Details You Didn't Know About Serial Killer Peter Kurten

Serial murders are a dark piece of human history that stretch as far back as paper and ink have been able to record the demented stories of our shared heritage. Some of us study these crimes and their perpetrators, finding interest in the deranged, perhaps because they symbolize the worst of our kind and the worst we could possibly become. They terrify us, intrigue us, and titillate us all at once, begging questions about our own morality from the veiled demons hiding in our minds, and setting them at ease, once we're convinced we'd never be mentally capable of committing these crimes ourselves. Crimes at least one killer believed they'd earned the right to carry out.

Peter Kurten, also known as the Düsseldorf Vampire, was a German-born serial killer who committed his murders, as well as a number of other crimes, in his birth country. Kurten operated in the early 20th century and became the prime example of the time's sexual-sadist-type murderer. His crimes were atrocious, and he's believed to have murdered at least 11 people, but given how forensic methods were comparatively undeveloped nearly 100 years ago, it's hard to say if those numbers are accurate.

The killer was prolific not only as a serial murderer but as a troubled criminal in a broader sense of the word, who blamed his actions on a life that was a recipe for making almost anyone violently deranged. Here are the details.

Kurten was abused as a child

Childhood abuse is a common background factor among many of these types of killers, and Kurten's abuse isn't special in that respect. It does, however, seem to be special in reaching the depths of the types of abuse he suffered as a kid. According to Britannica, Kurten and his 12 siblings lived under the same roof with a father who had a passion for alcohol and a need to do awful things to his children. He abused them both physically and sexually until he was finally arrested for attempting to molest Kurten's teenage sister. The father's sexual abuse wasn't limited to that single incident, of course. The Encyclopedia of Serial Killers by Michael Newton says Kurten's father would force his children to watch while he performed sexual acts with their mother. It also mentions that Kurten likely molested his sisters as well, his psychosexual deviance acted on early in his life.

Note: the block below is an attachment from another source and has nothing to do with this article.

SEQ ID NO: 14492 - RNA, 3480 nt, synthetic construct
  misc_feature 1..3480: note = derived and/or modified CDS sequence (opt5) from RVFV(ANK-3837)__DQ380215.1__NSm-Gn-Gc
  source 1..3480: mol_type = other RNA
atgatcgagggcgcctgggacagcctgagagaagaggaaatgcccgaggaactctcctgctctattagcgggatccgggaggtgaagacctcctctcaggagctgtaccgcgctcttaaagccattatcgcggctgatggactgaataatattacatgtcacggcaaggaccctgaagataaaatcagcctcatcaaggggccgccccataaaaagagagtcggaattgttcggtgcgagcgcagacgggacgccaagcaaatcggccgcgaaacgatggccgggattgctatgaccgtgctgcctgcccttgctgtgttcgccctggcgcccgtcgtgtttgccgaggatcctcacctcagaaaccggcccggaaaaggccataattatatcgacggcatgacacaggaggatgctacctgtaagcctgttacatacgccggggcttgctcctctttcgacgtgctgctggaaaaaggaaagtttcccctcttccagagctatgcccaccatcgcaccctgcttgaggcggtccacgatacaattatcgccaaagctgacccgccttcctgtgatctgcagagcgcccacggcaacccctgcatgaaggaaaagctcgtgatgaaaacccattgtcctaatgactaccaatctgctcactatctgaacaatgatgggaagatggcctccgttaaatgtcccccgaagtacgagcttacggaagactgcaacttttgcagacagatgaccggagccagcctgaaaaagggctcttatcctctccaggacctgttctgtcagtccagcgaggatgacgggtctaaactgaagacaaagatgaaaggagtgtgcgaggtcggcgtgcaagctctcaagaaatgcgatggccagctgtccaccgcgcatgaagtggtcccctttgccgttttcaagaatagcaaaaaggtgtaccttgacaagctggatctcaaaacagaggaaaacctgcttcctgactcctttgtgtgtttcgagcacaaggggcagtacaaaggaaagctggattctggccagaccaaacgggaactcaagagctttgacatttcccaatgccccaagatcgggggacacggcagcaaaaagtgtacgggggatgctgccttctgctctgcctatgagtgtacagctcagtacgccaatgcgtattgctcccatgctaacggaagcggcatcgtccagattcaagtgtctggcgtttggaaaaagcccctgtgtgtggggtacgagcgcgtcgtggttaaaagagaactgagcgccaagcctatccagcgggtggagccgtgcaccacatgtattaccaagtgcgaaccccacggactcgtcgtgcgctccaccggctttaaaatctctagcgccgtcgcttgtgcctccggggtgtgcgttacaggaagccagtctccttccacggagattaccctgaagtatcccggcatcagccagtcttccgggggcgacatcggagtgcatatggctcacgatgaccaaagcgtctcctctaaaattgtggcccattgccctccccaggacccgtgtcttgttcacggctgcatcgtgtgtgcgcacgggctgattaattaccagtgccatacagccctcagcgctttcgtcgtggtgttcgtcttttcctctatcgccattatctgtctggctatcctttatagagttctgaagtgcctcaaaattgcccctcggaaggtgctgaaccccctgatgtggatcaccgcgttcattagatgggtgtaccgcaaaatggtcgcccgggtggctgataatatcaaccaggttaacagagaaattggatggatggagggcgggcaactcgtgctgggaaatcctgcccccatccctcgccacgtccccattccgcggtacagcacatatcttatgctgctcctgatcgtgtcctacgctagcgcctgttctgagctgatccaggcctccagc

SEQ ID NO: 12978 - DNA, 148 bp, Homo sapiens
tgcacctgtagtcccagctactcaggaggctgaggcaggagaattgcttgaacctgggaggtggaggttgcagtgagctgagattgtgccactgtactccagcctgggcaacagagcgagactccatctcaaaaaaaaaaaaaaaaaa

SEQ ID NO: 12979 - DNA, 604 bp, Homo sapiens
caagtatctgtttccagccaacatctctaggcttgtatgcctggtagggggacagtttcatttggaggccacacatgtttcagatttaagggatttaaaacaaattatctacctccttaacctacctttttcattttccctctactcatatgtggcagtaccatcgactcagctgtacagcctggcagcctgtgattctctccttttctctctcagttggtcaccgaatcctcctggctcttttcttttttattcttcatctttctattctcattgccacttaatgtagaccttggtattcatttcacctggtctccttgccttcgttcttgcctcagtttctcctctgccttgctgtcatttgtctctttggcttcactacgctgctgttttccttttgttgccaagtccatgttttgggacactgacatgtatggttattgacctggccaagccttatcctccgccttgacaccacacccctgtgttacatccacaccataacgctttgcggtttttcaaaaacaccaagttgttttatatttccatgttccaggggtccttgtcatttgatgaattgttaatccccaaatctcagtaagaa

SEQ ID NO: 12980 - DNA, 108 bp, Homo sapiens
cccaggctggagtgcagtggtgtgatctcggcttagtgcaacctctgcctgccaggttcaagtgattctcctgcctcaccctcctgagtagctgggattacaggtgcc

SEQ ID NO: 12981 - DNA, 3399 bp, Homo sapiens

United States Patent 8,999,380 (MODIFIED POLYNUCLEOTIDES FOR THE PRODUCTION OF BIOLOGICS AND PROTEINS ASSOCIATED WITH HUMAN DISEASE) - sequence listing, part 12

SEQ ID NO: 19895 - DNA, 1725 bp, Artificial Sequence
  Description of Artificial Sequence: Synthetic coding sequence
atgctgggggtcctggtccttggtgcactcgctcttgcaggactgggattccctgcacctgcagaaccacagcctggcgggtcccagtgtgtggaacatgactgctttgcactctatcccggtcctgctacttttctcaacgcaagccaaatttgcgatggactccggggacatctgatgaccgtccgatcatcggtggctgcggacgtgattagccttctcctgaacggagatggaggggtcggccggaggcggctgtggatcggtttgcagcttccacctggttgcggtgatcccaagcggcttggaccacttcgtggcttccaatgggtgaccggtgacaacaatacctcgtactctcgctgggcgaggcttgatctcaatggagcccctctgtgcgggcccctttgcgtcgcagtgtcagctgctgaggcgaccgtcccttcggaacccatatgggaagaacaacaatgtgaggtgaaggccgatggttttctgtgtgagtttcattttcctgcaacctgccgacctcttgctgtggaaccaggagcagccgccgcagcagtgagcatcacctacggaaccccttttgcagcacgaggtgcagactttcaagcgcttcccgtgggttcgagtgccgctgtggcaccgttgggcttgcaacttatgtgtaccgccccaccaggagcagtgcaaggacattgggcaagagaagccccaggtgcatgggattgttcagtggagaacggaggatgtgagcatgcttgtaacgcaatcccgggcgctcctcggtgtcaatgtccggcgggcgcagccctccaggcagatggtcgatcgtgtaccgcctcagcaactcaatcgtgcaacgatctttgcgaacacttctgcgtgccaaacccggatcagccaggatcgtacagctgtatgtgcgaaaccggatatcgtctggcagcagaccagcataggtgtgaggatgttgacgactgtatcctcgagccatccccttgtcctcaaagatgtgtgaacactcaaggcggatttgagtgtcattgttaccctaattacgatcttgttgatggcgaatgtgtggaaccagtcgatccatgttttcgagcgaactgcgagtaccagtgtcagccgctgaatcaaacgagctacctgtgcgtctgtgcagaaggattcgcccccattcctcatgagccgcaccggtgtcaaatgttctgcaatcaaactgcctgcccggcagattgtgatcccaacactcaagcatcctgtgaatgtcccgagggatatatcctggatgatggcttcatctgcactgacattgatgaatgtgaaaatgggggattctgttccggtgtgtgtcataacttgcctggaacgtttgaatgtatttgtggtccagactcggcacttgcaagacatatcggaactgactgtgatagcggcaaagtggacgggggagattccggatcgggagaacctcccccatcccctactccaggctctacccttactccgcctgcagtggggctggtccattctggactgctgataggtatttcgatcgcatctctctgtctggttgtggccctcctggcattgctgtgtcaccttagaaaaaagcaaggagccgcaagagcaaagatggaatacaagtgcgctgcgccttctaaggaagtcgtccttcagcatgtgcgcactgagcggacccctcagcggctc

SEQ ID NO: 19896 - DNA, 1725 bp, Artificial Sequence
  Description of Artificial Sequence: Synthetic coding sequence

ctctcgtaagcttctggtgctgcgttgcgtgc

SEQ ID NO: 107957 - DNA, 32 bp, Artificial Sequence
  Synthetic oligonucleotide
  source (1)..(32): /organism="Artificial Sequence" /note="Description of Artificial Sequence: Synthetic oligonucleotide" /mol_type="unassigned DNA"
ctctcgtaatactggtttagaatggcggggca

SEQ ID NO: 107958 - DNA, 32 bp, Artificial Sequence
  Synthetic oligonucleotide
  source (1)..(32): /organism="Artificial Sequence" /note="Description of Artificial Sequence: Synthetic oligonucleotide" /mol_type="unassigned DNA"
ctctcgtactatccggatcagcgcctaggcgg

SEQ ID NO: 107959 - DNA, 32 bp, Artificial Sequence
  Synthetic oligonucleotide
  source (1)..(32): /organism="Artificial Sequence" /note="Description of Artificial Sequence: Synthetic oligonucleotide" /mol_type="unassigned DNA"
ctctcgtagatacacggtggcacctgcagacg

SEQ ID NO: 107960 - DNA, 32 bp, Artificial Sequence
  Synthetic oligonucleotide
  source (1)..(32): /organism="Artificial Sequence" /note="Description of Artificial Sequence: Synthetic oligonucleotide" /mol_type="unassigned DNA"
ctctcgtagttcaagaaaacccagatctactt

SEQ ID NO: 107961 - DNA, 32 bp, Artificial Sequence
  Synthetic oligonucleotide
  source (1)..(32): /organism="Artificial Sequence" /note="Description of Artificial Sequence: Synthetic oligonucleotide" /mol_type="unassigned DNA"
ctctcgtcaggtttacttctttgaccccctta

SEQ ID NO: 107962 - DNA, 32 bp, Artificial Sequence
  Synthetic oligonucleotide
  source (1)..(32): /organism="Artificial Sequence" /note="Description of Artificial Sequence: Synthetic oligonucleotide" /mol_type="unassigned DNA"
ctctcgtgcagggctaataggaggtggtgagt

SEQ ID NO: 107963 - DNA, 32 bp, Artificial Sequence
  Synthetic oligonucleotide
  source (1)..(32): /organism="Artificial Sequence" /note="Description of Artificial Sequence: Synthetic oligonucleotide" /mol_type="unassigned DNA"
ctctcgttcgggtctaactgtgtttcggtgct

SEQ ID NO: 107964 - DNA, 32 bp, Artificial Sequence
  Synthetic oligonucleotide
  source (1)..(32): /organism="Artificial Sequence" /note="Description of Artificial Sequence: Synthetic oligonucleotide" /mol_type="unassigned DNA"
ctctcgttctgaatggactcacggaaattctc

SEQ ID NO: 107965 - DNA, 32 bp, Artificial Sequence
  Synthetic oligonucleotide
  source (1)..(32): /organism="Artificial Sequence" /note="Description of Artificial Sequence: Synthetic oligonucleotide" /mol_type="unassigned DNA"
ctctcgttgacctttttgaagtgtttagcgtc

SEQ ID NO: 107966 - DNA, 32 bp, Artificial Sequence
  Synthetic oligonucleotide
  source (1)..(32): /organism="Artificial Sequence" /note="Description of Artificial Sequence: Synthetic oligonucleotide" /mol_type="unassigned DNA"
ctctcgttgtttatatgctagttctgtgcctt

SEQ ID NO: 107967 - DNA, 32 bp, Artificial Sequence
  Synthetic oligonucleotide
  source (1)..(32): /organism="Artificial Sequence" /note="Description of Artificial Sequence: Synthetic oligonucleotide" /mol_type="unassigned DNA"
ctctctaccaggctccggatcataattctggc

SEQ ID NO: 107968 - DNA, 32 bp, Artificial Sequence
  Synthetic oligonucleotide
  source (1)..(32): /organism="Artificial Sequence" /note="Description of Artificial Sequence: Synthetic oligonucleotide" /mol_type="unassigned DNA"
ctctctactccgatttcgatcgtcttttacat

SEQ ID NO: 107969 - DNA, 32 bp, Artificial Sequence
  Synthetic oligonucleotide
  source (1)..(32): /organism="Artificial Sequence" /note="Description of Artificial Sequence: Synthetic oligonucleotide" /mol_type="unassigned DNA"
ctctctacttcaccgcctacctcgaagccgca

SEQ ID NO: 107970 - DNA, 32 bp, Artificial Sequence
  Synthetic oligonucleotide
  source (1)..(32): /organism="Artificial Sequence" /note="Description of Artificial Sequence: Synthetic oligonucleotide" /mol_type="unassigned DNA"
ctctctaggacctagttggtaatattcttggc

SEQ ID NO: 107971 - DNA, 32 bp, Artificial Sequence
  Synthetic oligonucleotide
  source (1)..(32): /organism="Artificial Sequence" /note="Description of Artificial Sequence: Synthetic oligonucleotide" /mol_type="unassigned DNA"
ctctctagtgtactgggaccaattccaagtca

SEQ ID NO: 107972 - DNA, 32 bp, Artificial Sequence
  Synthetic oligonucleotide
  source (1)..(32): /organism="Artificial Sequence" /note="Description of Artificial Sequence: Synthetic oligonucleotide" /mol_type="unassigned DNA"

The abuse when he was young would become the excuse he'd use for his actions after he was finally caught for his murders. Immediately after his arrest, he confessed to his crimes, as Serial Killer Documentaries (posted on YouTube) points out, saying that he murdered his victims as revenge on the world for the terrible things he faced as a child. He showed no remorse and, instead, believed the world owed him the lives of his victims.

As a child, he killed other children

You'd think if someone had been caught for their first murder when they were still a young child, they'd be taken off the streets before they wracked up anywhere near the body count Peter Kurten did by the end of his career. The Düsseldorf Vampire killed two victims when he was just a child, and for some reason, nobody thought, "Hey, this kid might have a problem." No, they pulled a "boys will be boys" and allowed Kurten to develop into an even more sadistic psychopath.

According to Michael Newton's Encyclopedia of Serial Killers, Kurten was having some summer fun, playing in the Rhine river on a raft, like kids do, with his pal, when the soon-to-be murderer pushed his friend into the water. A different boy swam out from the bank to try to get the drowning child's head above water. Kurten pushed him under the water as well and then maneuvered the pair under the raft. They both drowned. The young killer was nine years old, and the authorities, likely not believing a mere child could harbor homicidal urges, assumed it was accidental, so they let the whole horrific event blow over. Had they linked this act with the robbery and other criminal proclivities Kurten would start showing just a few years later, they might have gotten the serial killer off the streets and prevented the deaths of several more innocent victims.

He used animals to learn how to torture and kill